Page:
It has been traditional to reflect on an end-of-the-world gospel passage as we approach the end of the liturgical year. We will also be offered a similar gospel passage on the First Sunday of Advent. It is important to note this because, from a biblical perspective, the end of one world is not such a tragic event since it also announces the beginning of a new one. A sorrowful ‘Goodbye’ must sometimes be accepted before there can be a joyous ‘Hello!’
We should note that in today’s gospel the end of the world is presented on various levels.
The immediate end is the chaotic and painful experience that came when the Romans destroyed the Jewish temple. For Christians at least, this represented the end of the Old Testament era. Secondly, there are hints also of the final, cosmic end of our world with falling stars and dimming of the sun and moon. Finally, in both of these endings we see the elements of the end of our own earthly world in the event we call death.
The phenomena that accompany the final, cosmic end are surprisingly similar to the experiences that often come with our own last days. The failure of the sun and moon and the erratic behavior of the stars are replicated among us when we lose the security represented by these usually reliable heavenly bodies. For instance, when we grow old we sometimes find it hard to remember what time of the day it is. But this is only the end of a world that was never meant to last. We hate to see it go, but God knows what is best for us.
When we try to understand the gospel passages concerning the end of the world, it may be helpful to compare this event with human birth, which, for the infant being born, must surely be a traumatic experience. In fact, if an infant were able to choose, I suspect that it would opt for a continued existence in the warm, safe womb of its mother. The infant does not yet know how tragic it would be to miss all the possibilities of independent human life.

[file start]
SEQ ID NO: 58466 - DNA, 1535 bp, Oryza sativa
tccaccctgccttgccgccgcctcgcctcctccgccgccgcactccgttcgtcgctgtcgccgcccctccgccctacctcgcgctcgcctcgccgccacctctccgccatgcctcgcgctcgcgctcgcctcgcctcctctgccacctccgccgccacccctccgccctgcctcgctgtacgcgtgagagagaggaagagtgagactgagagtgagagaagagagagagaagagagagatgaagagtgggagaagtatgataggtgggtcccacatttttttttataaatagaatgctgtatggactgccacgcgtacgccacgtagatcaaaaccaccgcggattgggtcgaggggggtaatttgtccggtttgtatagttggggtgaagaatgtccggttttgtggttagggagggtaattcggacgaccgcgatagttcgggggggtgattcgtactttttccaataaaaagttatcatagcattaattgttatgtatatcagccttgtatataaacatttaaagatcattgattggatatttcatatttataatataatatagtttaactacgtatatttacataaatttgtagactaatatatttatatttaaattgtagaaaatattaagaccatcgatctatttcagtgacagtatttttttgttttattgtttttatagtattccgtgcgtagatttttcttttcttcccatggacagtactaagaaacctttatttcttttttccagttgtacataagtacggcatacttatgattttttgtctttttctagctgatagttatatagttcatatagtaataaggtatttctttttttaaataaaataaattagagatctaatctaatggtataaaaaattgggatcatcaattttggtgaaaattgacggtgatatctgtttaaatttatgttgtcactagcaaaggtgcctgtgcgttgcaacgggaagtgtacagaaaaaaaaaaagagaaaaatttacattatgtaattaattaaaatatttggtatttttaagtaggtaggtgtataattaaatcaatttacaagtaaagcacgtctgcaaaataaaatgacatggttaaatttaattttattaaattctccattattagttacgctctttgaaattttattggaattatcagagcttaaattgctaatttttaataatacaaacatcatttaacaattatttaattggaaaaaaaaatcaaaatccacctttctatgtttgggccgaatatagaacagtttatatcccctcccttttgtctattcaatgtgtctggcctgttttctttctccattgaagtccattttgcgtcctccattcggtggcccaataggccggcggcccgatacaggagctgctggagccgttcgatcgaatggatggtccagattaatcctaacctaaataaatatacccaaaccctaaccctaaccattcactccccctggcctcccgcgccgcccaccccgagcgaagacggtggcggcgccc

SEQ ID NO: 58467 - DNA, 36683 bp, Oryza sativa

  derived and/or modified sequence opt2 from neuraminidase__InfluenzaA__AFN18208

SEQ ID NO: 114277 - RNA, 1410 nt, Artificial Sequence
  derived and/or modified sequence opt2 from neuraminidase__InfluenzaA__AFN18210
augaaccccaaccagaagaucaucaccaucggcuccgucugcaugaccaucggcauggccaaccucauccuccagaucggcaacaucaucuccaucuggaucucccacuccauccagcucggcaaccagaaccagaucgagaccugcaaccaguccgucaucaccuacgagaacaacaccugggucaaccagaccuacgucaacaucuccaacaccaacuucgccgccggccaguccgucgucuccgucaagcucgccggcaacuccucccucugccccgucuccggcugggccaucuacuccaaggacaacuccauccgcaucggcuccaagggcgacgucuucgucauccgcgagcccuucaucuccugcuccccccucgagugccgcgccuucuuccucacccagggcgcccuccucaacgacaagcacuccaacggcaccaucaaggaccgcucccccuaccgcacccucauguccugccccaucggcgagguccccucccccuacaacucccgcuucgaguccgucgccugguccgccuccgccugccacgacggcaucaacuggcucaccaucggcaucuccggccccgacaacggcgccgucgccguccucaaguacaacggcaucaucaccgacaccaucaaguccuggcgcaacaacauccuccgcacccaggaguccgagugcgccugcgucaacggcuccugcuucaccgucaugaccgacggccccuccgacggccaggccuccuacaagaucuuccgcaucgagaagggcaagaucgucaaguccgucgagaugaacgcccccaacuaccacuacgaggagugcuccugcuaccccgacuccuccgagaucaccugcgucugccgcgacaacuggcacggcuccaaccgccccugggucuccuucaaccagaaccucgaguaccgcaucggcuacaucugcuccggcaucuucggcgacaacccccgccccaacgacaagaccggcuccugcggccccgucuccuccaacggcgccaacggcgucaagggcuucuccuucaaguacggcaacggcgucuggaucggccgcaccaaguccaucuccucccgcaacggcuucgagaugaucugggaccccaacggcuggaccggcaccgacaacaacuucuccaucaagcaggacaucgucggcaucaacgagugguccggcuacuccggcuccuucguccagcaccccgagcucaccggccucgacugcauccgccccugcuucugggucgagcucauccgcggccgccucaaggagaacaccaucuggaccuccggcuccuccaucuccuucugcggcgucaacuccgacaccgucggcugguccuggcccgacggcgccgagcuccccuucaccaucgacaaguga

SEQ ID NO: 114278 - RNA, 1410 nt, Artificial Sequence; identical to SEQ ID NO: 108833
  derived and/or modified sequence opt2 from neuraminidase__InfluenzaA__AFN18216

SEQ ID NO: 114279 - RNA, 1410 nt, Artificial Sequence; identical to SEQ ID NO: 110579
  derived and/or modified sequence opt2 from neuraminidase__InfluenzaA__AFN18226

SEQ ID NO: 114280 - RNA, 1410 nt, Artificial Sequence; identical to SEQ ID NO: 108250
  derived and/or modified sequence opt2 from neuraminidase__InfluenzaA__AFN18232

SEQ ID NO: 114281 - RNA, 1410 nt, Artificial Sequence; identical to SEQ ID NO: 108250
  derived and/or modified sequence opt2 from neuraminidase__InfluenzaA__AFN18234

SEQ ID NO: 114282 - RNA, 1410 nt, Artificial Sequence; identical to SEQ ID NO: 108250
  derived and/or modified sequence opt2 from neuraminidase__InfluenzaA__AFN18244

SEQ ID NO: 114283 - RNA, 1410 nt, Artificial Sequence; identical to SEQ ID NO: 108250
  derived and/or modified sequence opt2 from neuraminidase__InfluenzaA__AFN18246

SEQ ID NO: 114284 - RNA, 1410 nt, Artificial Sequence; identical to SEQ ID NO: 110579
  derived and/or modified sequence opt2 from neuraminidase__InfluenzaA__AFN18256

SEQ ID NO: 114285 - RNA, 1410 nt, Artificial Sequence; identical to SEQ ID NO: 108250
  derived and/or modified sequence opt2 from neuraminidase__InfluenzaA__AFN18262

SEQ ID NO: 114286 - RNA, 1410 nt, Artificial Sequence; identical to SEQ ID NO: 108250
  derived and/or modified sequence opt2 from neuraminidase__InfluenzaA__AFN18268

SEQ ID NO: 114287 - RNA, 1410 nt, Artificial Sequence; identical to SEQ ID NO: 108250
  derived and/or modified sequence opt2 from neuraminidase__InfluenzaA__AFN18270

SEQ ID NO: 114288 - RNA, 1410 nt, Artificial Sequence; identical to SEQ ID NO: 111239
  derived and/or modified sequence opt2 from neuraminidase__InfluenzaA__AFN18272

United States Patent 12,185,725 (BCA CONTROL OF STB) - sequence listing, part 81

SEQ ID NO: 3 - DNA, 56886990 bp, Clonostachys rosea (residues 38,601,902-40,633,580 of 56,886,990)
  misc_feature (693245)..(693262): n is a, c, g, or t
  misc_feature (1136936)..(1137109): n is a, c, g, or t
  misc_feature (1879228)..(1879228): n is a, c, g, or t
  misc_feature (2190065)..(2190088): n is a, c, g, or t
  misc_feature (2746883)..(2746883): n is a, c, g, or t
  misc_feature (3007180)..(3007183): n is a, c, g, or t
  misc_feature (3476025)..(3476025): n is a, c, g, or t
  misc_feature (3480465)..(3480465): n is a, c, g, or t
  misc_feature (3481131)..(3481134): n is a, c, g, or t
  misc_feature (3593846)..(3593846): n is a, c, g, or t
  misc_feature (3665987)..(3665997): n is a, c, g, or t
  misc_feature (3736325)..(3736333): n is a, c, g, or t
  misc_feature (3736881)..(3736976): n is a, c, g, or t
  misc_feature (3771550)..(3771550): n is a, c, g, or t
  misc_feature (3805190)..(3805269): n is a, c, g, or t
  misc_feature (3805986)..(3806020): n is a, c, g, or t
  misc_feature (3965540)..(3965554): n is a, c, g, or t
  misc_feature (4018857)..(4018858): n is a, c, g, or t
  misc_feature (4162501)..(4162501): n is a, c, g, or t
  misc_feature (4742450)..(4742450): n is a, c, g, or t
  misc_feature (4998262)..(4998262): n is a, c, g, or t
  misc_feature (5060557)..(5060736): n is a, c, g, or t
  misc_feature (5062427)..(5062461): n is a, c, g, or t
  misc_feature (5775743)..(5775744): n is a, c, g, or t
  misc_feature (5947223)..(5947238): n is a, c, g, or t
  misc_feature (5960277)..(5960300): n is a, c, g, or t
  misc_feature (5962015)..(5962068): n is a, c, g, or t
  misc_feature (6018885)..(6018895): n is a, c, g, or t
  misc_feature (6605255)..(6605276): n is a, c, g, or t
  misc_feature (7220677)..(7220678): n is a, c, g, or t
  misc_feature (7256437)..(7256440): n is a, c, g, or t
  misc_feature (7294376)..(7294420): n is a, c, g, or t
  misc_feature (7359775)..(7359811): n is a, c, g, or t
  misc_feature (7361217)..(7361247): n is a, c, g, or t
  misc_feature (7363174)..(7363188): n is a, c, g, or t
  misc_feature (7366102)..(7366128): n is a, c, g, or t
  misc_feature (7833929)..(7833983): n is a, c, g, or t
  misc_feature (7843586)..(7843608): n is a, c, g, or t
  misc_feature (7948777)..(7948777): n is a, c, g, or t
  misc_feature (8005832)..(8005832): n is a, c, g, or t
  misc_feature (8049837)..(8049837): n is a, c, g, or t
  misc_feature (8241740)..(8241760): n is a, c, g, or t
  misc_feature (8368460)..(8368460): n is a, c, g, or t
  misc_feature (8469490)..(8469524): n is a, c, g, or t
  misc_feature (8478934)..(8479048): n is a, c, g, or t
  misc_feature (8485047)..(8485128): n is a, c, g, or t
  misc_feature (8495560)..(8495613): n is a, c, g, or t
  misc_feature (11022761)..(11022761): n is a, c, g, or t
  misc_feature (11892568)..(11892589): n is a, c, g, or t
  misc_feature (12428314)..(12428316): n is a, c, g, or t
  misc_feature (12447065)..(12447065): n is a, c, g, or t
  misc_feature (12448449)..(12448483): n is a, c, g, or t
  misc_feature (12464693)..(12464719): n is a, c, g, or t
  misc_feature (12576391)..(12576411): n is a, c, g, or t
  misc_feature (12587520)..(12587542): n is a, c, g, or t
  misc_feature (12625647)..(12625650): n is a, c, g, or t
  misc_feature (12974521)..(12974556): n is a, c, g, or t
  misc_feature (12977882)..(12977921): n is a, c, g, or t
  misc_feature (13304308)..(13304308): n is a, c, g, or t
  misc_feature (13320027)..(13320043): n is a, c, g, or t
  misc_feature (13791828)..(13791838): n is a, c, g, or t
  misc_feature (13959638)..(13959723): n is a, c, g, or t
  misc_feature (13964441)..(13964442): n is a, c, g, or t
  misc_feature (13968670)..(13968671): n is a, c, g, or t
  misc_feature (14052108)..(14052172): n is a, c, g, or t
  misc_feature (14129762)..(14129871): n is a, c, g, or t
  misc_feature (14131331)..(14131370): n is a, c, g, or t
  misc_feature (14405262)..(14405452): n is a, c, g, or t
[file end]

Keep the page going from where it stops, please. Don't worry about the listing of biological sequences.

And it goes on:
We too live in this world in a kind of womb that is meant to prepare us for birth into a new and better existence. Unlike the infant, however, we can resist that birth and we may even see it as a kind of personal tragedy. If our faith were as strong and vital as it should be, this would not be the case. Instead, we would embrace our present life with gratitude and still be ready to leave it with grace and peace, as we welcome the homecoming that God keeps in store for his beloved children.
But we don’t have to wait until death to begin living by the wisdom of the Bible. In our lives there are little worlds ending all the time—the end of childhood, of education, of employment, of strength, etc. The courage and generosity and trust with which we deal with these endings will prepare us for the final ending.
It is also true that every time we love unselfishly we die a little bit to our own precious plans and preferences. If we die daily in these small ways, we will have little difficulty with the final dying as our plans are once again revised and we offer our lives, once and for all, to a merciful and loving God.
A confrere, in a pensive mood, said to me one time that it didn’t seem fair for God to give me life without consulting me and then to allow me to make a mess of it. I thought about that and concluded that the baptismal experience, as one begins to see its implications, is that incredible opportunity to agree with my Creator, that life is always a wonderful gift and we should be saying continuously: “Thank you, dear Lord!”
Demetrius R. Dumm, O.S.B.